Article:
UASU needs to stand with students against Flanagan

Students shouldn't have to wonder where the UASU stands on Flanagan's reappointment after his harmful decisions.

You would expect a students’ union to shamelessly advocate for student demands. Yet in the recent weeks, this hasn’t been the case on our campus. On May 11, per University of Alberta President and Vice-chancellor Bill Flanagan’s request, the Edmonton Police Service (EPS) removed a Palestine solidarity Encampment from Main Quad. The encampment was protesting the U of A’s complicity in the “genocide and occupation [of Palestinians] by the settler colony that is Israel.”

As a student leader and frequent protest organizer, the police response to the encampment disturbed me. Many other people in the community shared that feeling. While the U of A Students’ Union (UASU) expressed concern about the violence against students, they haven’t taken a stance on Flanagan’s reappointment.

The Board of Governors (BoG) will meet on Friday, June 14 at 8:00 a.m. and is supposed to discuss Flanagan’s bid for renewal. As we approach this meeting, the UASU needs to commit to voting no on Flanagan’s reappointment.

The UASU represents all undergraduate students at the U of A and carries massive influence over this key decision that BoG will make. Over a thousand protestors showed up the afternoon after the brutal removal of the encampment, many of whom were students. The UASU wouldn’t be alone in speaking out on Flanagan’s failure as president either — other student groups already have. By committing to voting against his reappointment, the UASU would show that they stand with the students they represent and the community members that experienced police violence on our campus.

Flanagan has taken full responsibility for the incident, but is still seeking reappointment. The U of A must protect the students’ right to protest. It’s crucially important that universities are a safe place for all students. Flanagan’s decision to forcefully remove the peaceful encampment worked against freedom of expression and jeopardized student safety. In response to his actions, student groups such as the Indigenous Graduate Students’ Association (IGSA), Black Students’ Association (BSA), and the Indigenous Students’ Union (ISU) have called on Flanagan to resign. Yet the UASU has remained quiet on the topic of Flanagan’s leadership.

It’s time for the UASU to stand with students against Flanagan’s harmful leadership. As a voting member of BoG, UASU President Lisa Glock needs to commit immediately to voting no on Flanagan’s reappointment. As the BoG representative, Adrien Lam should join Glock in making this commitment. Students shouldn’t be forced to wait until after the vote to know where the UASU stands. They should be confident that their representatives will support student demands. 

The UASU, along with other campus associations, is currently asking for an independent investigation into Flanagan’s decision. But in my view, this isn’t enough. While the results of the investigation may clear up some misinformation, students need urgent action from the UASU. Students certainly don’t need an investigation to know Flanagan shouldn’t lead the university. His recent actions speak for themselves. Reappointing Flanagan isn’t in the best interest of students, and the UASU needs to make that clear to BoG. If the UASU stands with other campus groups against Flanagan’s reappointment, they may be able to convince enough of BoG to vote against his reappointment.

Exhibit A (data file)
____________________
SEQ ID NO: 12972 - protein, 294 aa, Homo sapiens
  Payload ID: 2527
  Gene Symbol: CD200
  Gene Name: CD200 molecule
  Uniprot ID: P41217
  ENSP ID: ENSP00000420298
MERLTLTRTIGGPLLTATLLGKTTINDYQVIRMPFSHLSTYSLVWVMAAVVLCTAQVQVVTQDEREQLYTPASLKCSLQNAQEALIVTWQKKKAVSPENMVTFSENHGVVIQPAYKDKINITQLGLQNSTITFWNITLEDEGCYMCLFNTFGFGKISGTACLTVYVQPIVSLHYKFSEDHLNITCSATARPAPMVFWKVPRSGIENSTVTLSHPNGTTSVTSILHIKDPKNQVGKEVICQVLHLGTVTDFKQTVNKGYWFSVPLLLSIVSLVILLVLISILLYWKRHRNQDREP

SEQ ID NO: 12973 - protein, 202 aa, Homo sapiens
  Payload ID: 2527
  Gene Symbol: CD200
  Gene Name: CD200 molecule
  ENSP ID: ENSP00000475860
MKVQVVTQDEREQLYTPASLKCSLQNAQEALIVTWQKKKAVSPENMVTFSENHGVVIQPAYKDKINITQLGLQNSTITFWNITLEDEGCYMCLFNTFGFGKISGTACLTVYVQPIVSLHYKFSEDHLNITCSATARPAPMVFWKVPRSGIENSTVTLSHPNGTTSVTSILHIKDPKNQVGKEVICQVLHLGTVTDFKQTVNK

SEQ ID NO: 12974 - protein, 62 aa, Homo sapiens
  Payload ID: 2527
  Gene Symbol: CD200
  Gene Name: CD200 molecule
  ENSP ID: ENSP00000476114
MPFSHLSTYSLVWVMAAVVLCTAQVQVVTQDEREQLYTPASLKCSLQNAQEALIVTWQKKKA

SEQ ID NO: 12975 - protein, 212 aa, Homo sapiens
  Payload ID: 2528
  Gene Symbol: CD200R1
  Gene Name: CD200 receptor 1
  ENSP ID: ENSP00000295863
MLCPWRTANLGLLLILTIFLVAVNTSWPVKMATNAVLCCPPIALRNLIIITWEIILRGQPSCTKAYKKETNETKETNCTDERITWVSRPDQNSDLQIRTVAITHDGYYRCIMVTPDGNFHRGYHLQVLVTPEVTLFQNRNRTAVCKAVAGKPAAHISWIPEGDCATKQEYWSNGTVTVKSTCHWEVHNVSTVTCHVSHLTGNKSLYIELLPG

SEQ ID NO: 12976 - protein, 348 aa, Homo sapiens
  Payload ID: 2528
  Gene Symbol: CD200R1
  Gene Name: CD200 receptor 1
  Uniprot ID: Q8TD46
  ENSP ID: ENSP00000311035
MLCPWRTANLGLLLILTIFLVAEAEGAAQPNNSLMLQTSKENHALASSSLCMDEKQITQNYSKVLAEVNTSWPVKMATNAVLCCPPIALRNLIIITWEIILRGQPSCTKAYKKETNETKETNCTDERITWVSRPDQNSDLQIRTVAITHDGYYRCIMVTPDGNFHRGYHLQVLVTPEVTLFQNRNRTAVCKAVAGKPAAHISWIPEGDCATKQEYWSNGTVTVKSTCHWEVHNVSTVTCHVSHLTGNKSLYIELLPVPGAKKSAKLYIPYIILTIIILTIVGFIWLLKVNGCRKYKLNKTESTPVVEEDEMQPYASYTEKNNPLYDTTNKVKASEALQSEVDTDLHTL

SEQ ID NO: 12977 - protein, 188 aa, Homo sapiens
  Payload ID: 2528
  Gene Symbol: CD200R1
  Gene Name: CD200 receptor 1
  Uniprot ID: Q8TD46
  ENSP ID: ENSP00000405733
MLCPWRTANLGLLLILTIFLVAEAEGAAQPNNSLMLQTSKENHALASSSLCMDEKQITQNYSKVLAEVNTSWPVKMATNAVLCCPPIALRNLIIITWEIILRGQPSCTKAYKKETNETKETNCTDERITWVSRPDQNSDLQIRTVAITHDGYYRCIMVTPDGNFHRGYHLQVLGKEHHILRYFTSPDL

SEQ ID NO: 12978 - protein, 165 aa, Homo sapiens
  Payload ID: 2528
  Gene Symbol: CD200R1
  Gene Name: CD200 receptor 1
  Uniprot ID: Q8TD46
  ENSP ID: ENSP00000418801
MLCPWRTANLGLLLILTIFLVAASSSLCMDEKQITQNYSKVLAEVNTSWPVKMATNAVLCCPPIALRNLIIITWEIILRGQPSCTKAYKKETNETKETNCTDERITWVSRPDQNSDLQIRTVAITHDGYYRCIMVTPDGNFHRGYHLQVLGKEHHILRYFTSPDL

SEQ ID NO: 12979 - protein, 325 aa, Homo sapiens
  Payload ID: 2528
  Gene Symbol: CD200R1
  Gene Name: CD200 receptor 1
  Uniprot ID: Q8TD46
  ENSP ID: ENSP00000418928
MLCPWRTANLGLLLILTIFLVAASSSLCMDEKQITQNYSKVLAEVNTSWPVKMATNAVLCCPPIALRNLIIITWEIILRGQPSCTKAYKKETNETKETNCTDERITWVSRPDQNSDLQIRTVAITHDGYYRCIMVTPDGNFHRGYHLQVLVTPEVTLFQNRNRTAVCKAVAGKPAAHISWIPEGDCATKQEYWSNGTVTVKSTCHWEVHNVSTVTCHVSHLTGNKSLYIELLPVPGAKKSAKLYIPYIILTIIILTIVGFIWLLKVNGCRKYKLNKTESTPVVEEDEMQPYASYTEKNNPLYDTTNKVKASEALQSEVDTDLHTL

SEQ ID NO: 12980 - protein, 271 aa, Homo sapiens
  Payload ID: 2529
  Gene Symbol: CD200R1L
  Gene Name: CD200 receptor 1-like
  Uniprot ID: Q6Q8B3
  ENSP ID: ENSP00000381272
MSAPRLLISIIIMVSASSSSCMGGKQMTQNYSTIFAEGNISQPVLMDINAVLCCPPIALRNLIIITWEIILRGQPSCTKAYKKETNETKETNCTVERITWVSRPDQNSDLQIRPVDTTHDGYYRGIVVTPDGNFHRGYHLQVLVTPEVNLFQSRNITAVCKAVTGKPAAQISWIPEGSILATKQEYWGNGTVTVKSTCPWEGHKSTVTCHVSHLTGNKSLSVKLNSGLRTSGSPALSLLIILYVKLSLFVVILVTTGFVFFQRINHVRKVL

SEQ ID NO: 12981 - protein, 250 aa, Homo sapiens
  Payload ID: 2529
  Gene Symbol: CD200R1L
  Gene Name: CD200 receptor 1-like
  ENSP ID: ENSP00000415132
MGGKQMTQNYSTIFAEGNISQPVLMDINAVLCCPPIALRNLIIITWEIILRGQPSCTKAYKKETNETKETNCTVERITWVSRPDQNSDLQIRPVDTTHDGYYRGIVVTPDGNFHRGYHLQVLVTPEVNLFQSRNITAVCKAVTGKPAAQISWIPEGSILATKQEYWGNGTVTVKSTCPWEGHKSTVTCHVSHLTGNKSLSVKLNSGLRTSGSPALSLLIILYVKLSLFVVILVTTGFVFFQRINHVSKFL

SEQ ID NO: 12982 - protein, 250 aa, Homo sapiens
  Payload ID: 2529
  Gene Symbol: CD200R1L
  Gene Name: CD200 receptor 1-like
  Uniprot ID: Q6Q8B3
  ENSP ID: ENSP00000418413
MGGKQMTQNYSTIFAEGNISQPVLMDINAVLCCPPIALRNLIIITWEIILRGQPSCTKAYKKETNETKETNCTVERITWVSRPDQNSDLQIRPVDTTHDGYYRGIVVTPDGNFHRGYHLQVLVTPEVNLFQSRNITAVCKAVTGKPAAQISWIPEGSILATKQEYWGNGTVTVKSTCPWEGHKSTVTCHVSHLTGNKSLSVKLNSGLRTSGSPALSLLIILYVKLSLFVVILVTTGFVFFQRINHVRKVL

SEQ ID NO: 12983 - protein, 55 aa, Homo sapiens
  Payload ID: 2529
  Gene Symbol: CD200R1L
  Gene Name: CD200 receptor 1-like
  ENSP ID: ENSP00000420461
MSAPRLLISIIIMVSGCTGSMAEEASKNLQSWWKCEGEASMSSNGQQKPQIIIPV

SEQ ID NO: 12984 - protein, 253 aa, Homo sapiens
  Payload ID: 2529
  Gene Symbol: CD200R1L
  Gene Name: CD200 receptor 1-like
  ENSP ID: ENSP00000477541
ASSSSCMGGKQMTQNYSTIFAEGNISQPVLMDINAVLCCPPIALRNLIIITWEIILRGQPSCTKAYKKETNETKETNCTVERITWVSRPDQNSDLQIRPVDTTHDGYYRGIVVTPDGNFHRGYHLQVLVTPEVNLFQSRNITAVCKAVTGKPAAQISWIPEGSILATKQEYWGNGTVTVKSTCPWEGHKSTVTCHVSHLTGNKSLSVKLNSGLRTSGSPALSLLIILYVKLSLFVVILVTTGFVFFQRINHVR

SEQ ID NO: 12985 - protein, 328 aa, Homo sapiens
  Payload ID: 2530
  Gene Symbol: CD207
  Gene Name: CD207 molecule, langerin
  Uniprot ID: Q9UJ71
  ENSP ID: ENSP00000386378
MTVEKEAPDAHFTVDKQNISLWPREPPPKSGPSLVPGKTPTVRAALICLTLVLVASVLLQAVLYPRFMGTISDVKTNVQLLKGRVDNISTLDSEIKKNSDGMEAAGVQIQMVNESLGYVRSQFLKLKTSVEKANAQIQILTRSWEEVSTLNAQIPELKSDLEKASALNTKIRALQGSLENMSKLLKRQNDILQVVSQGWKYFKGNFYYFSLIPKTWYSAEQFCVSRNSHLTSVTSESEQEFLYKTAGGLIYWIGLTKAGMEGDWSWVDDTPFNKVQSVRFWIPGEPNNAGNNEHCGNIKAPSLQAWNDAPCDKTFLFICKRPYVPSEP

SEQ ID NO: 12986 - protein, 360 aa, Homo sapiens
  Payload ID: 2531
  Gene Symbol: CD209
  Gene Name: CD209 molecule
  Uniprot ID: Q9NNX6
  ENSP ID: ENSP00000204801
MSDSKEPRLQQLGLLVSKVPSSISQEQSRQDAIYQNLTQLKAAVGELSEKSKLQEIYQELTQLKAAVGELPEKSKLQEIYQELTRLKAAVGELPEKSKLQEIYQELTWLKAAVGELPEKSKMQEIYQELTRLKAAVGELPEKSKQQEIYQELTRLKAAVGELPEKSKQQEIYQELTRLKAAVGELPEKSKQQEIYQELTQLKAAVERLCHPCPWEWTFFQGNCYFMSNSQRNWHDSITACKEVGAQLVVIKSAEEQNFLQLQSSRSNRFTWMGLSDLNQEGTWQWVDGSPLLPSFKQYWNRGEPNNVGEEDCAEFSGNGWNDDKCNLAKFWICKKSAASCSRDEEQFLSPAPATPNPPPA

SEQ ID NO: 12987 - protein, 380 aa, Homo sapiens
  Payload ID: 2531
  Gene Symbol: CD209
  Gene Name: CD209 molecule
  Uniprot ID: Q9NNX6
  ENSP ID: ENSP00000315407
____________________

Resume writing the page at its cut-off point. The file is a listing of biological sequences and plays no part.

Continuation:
The UASU should continue to aid in creating a working group to help find a way forward from the harm done on our campus. But the UASU doesn’t need to wait for a working group or an investigation to stand with students. At the General Faculties Council (GFC) meeting on May 27, Glock said the UASU doesn’t want to “rush into anything” in putting together a working group. But this lack of urgency is incredibly disappointing. It has been four weeks since student protestors were brutally removed from our campus. And with the approaching decision on Flanagan’s reappointment, the UASU needs to support students’ demands, not just act as glorified negotiators. They can start by committing to voting no to Flanagan’s reappointment.

At the same time, I recognize that this is a unique challenge for the UASU due to the need to maintain its relationships with administration. Yet, I think that currently, the UASU’s relationship with university administrators no longer provides students with value. Especially if they don’t help protect student protestors from harm. The UASU needs to stand with students against Flanagan’s misleading statements — which have been debunked by his own staff — and use of police violence against peaceful student protestors. Students rely on the UASU to represent their voices. That’s more important than maintaining a cordial working relationship with university administrators.

The UASU’s vague commitment to support students’ demands isn’t good enough when in practice, they haven’t backed students’ demands. Long-term goals like an investigation and a working group are important to finding a path forward. But a clear statement from the UASU on Flanagan’s harmful leadership is an important first step towards supporting students. It’s time for the UASU to commit to voting no on Flanagan’s reappointment and start truly supporting students’ demands.

Related Articles

Back to top button